RANTS & RAVES
RANT: What was McCarthy thinking at the end of the first half when Dallas took over at the 3-yard line following a punt? There was 1 minute left and the Packers had three timeouts left, but their offense had been so bad that the smart thing would have been to let the Cowboys run out the clock and go into the halftime trailing 10-6. Instead, McCarthy used two of his timeouts. On third and 1 at the 12, the Cowboys gained 26 yards on an end around. Then they gained 42 yards on the Williams reception. And then they finished off the drive with Butler’s touchdown. Instead of going into the half down, 10-6, the Packers went in trailing 17-6.
RANT: What was that defense that Dom Capers went with to start the game? In a clear case of over-thinking things, Capers started out in a 3-4 defense featured Clay Matthews at inside linebacker, Julius Peppers and Nick Perry outside and three safeties with Morgan Burnett playing an inside linebacker position. The defense looked completely out of sorts playing with that personnel and the Cowboys drove 75 yards on eight plays on its first possession to take a 7-0 lead. It didn’t take long for Capers to scrap that look, which is what he should have done in the very beginning.
RANT: Remember that great run defense the Packers had? The one that was ranked No. 1 in the league? The one that hadn’t faced a true No. 1 running back for an entire game? Well, it was completely exposed. The Cowboys’ terrific offensive line carved holes throughout the defense. It took a little while for the Cowboys to wear down the Packers, but in the second half, they romped all over them, gaining 98 yards on 18 carries. In all, the Cowboys gained 191 yards on 33 carries, easily surpassing their season average of 152 yards per game this season and rushing for more yards than the Packers had given up in four games (171). Rookie Ezekiel Elliott accounted for 157 yards on 28 carries.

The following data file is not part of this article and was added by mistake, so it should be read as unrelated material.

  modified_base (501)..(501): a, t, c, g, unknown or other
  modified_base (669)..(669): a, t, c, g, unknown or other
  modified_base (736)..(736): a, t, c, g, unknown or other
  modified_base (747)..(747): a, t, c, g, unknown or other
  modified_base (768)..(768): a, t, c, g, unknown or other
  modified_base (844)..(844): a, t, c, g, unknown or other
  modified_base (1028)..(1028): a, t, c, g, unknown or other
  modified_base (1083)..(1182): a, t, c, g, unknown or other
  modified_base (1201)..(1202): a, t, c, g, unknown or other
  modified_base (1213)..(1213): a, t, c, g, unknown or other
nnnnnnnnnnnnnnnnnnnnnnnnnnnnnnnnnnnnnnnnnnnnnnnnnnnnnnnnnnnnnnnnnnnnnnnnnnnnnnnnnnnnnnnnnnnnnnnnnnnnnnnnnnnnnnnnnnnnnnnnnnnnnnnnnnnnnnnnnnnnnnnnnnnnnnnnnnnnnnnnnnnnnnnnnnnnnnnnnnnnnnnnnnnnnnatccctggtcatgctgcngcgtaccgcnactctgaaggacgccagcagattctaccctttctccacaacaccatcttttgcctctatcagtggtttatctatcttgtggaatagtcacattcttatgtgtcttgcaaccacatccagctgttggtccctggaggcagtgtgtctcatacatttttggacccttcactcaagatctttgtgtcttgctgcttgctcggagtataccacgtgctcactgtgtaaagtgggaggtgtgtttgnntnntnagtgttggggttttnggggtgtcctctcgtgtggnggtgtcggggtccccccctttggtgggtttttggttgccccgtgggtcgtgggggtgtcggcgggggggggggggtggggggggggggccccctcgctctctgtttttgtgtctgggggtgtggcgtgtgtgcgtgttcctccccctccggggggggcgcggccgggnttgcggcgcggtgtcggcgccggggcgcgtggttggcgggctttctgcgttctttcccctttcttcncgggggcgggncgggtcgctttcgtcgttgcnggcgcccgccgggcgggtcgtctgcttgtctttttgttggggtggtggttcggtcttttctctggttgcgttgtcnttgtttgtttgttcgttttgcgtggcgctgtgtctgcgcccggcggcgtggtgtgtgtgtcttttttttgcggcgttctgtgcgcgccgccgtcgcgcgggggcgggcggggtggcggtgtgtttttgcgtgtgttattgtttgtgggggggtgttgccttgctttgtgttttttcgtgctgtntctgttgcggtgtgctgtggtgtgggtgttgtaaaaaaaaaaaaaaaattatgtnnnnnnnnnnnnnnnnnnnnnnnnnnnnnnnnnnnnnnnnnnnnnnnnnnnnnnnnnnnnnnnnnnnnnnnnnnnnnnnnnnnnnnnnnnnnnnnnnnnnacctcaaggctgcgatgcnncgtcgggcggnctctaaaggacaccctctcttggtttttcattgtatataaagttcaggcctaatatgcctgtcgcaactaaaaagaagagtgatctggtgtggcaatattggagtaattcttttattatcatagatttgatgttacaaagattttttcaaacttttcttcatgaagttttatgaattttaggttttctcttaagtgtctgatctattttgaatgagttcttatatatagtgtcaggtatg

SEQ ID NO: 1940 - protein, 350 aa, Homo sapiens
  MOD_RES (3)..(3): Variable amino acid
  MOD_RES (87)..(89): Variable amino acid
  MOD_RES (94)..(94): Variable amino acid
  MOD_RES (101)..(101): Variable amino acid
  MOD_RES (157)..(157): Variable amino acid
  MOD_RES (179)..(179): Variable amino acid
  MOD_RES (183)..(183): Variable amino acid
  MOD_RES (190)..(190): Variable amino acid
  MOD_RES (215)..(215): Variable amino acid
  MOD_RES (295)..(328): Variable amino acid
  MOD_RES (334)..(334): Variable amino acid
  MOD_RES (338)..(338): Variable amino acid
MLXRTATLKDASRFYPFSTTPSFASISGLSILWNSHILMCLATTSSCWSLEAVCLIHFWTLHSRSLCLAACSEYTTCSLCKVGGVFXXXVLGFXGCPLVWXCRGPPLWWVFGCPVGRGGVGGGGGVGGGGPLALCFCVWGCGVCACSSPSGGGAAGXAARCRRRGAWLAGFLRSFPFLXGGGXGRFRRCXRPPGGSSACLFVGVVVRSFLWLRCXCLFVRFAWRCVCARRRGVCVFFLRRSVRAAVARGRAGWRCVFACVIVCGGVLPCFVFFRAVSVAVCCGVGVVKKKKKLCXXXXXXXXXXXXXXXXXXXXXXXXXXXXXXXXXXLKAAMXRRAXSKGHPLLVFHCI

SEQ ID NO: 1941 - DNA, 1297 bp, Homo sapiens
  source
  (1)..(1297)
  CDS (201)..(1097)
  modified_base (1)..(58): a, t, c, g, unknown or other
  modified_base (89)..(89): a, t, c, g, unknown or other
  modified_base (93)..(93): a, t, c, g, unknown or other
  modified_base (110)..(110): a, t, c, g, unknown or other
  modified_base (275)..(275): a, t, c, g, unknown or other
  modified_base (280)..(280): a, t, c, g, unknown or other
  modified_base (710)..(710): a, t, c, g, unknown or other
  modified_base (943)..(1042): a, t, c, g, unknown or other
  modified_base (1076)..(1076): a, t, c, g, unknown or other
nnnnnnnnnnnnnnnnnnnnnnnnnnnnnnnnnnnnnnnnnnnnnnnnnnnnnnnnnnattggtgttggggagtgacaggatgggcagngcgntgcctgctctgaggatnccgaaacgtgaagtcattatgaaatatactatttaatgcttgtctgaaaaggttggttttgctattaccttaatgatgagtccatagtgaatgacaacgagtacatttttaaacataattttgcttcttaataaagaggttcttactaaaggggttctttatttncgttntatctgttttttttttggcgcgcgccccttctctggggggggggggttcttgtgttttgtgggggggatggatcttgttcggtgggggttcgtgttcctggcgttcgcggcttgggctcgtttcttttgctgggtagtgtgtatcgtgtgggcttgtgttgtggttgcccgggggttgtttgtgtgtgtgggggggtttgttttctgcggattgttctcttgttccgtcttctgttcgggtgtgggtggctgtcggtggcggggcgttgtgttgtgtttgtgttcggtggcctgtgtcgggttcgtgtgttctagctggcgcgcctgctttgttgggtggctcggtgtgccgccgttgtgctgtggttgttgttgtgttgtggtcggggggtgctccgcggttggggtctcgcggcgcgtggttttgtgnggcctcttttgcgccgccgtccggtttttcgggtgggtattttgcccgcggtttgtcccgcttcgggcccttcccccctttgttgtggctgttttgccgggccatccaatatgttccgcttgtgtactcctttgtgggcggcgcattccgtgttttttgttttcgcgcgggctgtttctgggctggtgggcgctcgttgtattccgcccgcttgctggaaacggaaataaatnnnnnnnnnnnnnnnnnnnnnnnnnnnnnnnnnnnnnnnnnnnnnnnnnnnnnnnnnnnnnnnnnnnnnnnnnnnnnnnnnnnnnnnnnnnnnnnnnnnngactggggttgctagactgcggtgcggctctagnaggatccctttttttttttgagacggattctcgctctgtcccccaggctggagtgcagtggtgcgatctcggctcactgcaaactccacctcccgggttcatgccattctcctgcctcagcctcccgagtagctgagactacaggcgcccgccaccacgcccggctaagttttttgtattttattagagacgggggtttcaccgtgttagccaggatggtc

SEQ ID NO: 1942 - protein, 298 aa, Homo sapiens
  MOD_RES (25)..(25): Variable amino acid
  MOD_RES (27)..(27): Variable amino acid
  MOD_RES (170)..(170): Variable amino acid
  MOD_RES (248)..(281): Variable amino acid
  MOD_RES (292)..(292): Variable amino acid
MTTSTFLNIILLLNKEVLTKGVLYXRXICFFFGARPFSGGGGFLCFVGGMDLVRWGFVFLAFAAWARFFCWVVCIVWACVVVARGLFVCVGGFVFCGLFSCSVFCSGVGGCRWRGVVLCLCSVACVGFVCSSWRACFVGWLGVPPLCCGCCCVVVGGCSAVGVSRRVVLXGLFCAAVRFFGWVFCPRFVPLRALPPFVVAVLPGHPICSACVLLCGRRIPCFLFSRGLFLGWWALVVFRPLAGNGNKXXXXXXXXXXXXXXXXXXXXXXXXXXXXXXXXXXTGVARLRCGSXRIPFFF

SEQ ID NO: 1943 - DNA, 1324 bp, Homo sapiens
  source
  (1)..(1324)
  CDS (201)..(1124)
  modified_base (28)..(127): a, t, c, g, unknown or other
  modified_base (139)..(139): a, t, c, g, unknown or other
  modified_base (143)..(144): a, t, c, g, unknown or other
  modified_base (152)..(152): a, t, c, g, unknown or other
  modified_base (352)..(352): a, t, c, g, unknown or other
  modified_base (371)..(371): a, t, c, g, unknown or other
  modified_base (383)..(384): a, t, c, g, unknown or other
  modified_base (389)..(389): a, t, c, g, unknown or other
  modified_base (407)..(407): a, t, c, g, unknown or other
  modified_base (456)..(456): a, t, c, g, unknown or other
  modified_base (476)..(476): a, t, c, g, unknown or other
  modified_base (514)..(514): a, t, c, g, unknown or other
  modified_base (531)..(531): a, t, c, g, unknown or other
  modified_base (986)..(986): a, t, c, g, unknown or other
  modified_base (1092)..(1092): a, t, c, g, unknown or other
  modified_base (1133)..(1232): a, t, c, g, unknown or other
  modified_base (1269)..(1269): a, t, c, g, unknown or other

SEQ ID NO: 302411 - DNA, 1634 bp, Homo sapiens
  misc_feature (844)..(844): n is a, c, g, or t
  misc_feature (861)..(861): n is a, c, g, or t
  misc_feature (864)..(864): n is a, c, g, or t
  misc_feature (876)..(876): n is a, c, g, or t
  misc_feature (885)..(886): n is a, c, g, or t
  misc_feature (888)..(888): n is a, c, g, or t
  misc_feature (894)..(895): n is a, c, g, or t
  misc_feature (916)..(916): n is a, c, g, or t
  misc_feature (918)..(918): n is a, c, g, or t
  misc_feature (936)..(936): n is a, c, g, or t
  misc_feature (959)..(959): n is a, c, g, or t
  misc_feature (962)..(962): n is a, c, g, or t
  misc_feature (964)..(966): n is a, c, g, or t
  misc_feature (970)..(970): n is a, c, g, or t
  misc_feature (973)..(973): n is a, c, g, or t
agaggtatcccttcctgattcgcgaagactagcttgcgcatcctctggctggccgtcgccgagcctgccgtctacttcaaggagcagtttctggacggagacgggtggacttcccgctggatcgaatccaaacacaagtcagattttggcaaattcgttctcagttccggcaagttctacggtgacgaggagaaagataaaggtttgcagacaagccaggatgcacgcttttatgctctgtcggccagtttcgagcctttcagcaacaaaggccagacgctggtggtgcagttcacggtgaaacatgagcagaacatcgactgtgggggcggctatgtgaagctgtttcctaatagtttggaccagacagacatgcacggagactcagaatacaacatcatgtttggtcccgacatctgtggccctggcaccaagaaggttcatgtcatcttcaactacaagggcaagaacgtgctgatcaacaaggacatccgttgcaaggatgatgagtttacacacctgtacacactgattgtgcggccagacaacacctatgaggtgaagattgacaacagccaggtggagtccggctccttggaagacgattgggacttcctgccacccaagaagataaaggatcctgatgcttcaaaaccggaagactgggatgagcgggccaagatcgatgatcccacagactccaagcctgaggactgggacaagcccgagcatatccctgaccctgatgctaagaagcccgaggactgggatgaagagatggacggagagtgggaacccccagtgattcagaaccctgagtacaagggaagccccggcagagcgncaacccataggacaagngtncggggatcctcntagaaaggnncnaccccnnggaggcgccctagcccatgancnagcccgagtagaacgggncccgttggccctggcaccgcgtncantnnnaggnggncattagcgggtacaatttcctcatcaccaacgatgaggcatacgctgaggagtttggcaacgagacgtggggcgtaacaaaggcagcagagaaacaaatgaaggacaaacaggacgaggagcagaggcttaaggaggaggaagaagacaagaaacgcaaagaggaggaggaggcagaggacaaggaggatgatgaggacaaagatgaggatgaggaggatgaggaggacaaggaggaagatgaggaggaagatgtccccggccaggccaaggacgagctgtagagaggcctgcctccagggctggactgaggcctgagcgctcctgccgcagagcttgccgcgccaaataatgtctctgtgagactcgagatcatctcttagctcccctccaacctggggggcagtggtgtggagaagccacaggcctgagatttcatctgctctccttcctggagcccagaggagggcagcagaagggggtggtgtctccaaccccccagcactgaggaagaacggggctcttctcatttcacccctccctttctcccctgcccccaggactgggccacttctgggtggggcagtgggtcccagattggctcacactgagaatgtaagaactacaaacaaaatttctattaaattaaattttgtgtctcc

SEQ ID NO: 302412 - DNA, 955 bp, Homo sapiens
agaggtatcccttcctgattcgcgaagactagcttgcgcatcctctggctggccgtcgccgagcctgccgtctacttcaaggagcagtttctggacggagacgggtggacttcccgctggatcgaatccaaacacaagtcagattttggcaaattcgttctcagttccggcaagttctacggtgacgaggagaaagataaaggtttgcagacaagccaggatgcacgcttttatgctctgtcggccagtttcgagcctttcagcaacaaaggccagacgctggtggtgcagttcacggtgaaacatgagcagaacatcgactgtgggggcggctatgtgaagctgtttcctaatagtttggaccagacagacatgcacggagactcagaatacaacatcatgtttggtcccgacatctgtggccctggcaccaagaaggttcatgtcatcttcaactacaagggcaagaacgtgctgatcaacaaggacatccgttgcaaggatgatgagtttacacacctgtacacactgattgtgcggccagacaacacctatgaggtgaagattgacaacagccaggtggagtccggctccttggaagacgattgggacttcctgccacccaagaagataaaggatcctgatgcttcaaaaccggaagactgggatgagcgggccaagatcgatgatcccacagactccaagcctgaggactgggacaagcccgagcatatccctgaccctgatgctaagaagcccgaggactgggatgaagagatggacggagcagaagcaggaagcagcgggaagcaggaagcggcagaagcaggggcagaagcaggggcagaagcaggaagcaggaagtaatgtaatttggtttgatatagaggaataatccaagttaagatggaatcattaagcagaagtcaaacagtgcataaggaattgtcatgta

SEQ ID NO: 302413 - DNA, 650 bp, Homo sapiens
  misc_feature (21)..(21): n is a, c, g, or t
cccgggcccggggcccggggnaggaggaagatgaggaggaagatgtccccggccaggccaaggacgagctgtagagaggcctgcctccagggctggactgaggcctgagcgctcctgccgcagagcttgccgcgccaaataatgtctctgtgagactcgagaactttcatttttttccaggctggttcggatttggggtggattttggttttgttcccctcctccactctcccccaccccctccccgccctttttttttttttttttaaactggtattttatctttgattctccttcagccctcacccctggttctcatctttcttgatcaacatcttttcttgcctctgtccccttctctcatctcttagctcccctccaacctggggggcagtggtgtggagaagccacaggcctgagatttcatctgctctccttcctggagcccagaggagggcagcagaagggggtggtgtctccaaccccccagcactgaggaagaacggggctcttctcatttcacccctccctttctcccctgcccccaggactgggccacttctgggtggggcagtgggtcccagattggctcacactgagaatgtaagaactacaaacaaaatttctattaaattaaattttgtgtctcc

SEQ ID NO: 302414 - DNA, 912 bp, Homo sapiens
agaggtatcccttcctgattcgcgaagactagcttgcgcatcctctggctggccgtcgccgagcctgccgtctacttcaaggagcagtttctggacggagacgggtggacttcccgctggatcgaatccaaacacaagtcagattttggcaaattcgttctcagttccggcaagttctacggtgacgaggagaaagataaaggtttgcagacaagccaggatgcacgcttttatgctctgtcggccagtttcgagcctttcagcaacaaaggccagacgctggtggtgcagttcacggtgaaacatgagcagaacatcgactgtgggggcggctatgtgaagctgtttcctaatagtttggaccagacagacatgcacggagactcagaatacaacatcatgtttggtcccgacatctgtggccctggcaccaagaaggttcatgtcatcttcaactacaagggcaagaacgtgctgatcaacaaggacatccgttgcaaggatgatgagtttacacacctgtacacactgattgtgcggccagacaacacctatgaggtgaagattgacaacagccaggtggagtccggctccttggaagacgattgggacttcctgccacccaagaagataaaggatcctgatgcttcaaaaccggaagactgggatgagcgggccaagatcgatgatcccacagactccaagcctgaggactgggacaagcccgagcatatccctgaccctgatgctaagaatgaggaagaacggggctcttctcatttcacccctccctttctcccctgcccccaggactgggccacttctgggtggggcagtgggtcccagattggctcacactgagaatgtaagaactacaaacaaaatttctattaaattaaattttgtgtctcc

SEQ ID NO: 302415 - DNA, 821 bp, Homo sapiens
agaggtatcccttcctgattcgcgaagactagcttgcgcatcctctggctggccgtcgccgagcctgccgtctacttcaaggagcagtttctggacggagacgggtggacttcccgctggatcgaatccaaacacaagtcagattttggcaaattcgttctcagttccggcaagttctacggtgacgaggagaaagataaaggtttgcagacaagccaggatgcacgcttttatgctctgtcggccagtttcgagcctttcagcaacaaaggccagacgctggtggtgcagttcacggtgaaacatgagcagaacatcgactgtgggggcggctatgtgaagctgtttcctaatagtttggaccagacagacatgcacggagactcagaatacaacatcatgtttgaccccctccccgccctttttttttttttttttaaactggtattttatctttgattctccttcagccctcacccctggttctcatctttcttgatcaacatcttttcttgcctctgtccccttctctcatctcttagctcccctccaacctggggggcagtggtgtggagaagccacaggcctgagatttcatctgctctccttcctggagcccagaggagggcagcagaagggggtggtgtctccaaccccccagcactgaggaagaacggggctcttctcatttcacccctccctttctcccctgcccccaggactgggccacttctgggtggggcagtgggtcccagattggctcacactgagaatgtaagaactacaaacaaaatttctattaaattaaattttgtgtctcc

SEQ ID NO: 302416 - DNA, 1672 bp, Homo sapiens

RAVE: Well, there was that punt by Jake Schum. The Packers’ embattled punter got off a 47-yard punt that took a nice upward bounce at the 2-yard line, allowing long snapper Brett Goode to down the ball there and pin the Cowboys deep in their own territory.
RAVE: Brett Favre looked nice in a yellow jacket. Very fit. The guy probably could have finished out the game if the Packers needed him.
DID YOU NOTICE?
» McCarthy went to five-receiver sets for the first time this season, using Montgomery, Jared Abbrederis and Jeff Janis in various combinations with Jordy Nelson, Randall Cobb and Davante Adams.
» End Mike Pennel played in his first game back from a four-game suspension, but it was mostly in short yardage. Cornerback Demetri Goodson, also coming back from suspension, had to play a starting spot after Randall left with a groin injury.
» McCarthy used a double jumbo formation with offensive linemen Jason Spriggs and Don Barclay serving as blocking tight ends in short yardage. Fullback Aaron Ripkowski was stopped short on third and 1 on the only play it was used.
» Rookie Trevor Davis has taken the full-time punt return duties from Micah Hyde. Davis had a 25-yard return, the team’s longest of the season. It increased his season average from 2.0 to 9.7.
BY THE NUMBERS
9 – Turnovers the Packers have committed in their last three games.
1 – Second-half touchdowns Rodgers has thrown this season. His 6-yarder to Cobb in the fourth quarter was his first.
30 – Receiving yards tight end Richard Rodgers has accounted for the past three games.
10 – Receiving touchdowns the defense has allowed this season.
11 – Times the Packers have fumbled this season. They have lost five.